Few new aspects of the EJB 2.1 included the introduction of mathematical functions like AVG, MAX, MIN, SUM etc. Some of the other important updates are listed below;
- The EJB timer service.
- Support for web services and EJB containers patch updates.
- EJB-QL support that enabled abstract programming as well as CMP.
- Message beans for non JMS users.
What is EJB 3.0?
A smooth and excelled transition from EJB 2.1 is what version 3.0 brought into the world of Java. The EJB 3.0 brought in a simple, streamlined, and hassle-free interface for the users and developers. Simplicity was offered throughout the process and even the operations of the 3.0 version were based on POJO (Plain Old Java Object) which made the codes less bulky and more efficient.
It was stated in the developer’s notes that the newly updated 3.0 version was 45% more efficient than its predecessor 2.1, which was much bulkier. Introduction of better techniques, including the usage of ‘metadata annotations’ and other mechanisms used in constructing robust Java codes and XML descriptors (used in 2.1 version), as opposed to the laborious and incorrect EJB 2.1 distribution descriptors, which were quite bulky and inaccurate as well.
The most streamlined feature of the 3.0 version was the ease of usability over the older 2.1 version. Few features of the new version are as follows;
- Simplified API for EJB.
- New java annotations
- Optional annotation call-backs
- Dependency injection and elimination of broiler plate codes.
- Simplified UI and improved web support services.
Main Differences Between EBJ 2.1 and EBJ 3.0
- EBJ 2.1 was launched in 2002 whereas, the 3.0 version was launched in 2006.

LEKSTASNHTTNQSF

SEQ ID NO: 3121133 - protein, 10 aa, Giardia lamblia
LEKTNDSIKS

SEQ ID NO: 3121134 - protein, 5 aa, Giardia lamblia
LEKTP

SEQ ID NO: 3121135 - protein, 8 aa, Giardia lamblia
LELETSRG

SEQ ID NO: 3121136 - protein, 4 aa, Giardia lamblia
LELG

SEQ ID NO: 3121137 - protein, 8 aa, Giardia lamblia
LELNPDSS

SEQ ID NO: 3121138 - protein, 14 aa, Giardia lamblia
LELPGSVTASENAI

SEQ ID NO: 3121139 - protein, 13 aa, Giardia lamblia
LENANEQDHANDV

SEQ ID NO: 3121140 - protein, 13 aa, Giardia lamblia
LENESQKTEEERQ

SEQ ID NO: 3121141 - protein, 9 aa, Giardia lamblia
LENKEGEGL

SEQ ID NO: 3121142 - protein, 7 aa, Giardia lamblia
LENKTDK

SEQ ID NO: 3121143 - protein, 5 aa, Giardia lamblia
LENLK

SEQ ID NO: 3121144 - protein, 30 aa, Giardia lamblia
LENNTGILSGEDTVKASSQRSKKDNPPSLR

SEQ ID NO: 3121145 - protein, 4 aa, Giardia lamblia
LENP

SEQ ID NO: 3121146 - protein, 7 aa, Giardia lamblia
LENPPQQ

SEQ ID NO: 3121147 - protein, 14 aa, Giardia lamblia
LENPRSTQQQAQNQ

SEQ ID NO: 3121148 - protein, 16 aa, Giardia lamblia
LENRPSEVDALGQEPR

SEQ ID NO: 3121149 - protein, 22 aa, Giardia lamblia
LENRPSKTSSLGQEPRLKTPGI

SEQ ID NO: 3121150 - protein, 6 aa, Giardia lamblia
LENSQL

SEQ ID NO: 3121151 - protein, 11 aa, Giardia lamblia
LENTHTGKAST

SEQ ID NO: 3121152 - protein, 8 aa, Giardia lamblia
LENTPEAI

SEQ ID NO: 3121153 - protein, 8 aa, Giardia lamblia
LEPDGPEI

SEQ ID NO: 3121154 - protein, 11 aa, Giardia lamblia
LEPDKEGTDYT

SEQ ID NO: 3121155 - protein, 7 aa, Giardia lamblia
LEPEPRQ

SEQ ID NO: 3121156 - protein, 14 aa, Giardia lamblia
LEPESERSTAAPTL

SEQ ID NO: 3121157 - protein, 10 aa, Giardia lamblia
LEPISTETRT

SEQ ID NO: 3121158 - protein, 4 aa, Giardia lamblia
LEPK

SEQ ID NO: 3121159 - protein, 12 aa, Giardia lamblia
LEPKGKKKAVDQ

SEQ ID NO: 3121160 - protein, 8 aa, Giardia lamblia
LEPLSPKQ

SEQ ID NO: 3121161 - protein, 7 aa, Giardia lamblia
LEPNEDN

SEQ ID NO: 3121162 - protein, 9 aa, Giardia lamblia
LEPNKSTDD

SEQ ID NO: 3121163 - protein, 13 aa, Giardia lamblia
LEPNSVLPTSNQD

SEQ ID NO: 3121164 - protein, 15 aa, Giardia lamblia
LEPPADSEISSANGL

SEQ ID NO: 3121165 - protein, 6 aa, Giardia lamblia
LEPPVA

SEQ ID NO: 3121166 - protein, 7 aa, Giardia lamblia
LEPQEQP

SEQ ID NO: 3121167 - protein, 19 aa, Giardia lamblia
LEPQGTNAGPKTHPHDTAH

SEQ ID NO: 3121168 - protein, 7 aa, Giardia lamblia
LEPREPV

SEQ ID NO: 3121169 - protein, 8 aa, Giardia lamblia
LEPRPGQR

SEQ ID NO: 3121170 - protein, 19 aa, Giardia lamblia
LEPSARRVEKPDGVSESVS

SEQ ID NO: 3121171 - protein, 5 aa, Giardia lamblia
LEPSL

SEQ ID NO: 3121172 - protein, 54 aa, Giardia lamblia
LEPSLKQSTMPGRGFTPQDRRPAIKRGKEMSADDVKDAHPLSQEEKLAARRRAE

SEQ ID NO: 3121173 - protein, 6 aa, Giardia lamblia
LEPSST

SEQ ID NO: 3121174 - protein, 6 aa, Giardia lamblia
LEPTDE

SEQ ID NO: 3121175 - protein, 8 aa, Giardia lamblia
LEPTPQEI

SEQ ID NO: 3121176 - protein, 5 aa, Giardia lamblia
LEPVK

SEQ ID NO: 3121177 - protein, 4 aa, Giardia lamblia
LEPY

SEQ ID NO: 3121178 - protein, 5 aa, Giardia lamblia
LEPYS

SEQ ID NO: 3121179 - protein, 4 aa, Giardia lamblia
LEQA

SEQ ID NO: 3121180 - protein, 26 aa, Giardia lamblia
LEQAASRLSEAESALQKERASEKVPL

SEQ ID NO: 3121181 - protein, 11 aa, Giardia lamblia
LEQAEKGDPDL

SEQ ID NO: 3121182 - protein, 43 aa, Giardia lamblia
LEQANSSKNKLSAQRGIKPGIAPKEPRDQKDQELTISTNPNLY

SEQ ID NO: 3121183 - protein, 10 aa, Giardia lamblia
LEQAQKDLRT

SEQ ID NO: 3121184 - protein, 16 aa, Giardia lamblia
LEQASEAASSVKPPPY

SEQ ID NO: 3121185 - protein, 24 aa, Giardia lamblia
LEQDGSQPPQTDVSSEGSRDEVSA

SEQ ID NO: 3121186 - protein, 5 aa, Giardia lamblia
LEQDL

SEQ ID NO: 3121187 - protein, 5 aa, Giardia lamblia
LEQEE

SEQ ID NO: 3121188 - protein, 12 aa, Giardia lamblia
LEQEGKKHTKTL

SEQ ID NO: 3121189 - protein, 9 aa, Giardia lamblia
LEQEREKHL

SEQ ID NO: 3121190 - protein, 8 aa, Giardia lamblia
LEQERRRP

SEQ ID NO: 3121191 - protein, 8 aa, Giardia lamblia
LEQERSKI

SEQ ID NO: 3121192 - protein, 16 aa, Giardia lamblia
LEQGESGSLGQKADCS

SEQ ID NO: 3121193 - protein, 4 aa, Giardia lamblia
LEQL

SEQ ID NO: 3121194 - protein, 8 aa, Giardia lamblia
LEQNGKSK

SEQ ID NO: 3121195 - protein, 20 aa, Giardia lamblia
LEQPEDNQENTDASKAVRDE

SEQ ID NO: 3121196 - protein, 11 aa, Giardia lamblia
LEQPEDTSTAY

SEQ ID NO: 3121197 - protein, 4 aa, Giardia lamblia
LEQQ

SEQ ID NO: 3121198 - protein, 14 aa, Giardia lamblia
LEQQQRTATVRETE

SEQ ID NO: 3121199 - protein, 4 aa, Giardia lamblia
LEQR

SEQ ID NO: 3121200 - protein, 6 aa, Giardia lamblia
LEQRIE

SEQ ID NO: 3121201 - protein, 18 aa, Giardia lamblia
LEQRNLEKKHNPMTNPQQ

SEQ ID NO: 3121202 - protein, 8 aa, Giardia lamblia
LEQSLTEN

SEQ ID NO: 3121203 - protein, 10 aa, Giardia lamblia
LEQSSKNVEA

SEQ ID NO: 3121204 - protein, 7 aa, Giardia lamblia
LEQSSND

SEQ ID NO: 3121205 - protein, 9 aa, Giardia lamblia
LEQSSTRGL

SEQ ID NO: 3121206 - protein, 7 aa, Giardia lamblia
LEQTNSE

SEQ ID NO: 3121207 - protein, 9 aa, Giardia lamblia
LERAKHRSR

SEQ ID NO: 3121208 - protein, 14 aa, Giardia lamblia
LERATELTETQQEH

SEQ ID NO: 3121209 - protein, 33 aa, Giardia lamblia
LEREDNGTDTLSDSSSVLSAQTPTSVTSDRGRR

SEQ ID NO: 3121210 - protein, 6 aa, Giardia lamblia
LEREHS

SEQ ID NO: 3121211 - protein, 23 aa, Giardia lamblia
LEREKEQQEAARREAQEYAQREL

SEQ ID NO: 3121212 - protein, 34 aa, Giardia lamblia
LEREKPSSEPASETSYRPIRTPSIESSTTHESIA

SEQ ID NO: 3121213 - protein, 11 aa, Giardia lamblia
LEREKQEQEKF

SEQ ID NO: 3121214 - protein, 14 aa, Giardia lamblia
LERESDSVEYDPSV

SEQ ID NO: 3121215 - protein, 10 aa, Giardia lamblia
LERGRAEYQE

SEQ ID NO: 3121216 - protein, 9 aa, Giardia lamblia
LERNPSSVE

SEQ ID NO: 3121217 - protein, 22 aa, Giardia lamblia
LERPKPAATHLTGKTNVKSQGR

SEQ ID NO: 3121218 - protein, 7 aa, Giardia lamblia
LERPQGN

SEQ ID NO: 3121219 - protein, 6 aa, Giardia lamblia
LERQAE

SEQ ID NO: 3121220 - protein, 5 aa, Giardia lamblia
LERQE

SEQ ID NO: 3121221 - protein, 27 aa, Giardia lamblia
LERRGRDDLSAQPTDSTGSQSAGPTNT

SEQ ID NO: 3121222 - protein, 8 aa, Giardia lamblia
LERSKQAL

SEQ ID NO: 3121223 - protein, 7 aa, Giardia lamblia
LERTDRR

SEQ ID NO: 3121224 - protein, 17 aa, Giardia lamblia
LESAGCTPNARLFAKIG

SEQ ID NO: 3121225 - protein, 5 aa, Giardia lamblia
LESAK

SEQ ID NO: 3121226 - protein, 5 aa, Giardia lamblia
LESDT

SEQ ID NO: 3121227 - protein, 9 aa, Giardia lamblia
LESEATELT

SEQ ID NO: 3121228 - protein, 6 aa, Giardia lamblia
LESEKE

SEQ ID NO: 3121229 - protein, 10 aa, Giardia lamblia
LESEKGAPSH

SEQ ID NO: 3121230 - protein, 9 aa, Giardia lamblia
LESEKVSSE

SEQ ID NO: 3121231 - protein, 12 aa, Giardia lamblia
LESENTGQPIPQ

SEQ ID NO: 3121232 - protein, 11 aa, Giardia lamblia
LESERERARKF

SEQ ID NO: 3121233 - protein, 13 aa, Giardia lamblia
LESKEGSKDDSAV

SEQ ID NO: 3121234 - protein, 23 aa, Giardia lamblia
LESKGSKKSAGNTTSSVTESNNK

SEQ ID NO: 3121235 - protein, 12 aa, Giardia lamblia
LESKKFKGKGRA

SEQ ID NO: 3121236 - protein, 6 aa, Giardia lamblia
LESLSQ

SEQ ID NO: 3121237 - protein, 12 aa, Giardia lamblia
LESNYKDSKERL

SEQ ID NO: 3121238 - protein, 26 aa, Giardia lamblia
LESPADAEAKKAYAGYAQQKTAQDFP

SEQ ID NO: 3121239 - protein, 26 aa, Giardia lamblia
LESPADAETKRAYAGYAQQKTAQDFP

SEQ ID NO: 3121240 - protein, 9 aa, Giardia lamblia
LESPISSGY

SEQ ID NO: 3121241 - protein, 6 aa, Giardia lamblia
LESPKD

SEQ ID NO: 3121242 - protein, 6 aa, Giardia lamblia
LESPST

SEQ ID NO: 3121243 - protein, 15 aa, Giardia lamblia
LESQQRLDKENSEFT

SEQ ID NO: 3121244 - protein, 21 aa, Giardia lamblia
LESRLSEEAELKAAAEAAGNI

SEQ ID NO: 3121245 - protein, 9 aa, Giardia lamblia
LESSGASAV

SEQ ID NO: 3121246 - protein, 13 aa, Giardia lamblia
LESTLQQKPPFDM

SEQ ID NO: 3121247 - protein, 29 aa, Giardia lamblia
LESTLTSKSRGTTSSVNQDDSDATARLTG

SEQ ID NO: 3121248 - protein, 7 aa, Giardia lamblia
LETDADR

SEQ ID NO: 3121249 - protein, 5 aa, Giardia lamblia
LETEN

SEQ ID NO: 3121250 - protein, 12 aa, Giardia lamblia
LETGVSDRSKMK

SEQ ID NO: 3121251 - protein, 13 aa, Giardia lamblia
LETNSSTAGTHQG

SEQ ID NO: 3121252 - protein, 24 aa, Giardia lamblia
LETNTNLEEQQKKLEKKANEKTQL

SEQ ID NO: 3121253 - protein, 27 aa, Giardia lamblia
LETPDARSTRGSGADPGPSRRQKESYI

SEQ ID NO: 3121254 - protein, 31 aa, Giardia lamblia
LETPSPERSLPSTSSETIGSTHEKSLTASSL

- EBJ 2.1 was quite bulky and unorganized whereas, the newly updated 3.0 was simple to use and possessed a simpler UI and fluidity.
- The 2.1 version required and was functional only by EBJ containers but the 3.0 requires none.
- The 2.1 version did not follow the easier hassle-free POJO commands whereas, the 3.0 is integrated with POJO for simpler operation and efficiency.
- EJB 2.1 requires jotting down big and bulky supporting codes as compared to the EJB 3.0 that reduces the number of supporting codes.
The EBJ or enterprise java bean is an essential tool for developers to contain and allocate proper security and smooth distribution of applications. The upgrade from 2.1 to 3.0 is a milestone in the world of java programming as the EBJ 3.0 is equipped with a modern simple and hassle-free experience that the predecessor failed to deliver.
EBJ 2.1 and 3.0 both serve the same purpose but the 45 % more efficiency coupled with streamlined user interface, POJO-based commands, reduction in the number of supporting codes, and modified XML schema as well as the syntax, makes EBJ 3.0 a worthy successor of its bulky yet productive EBJ 2.1.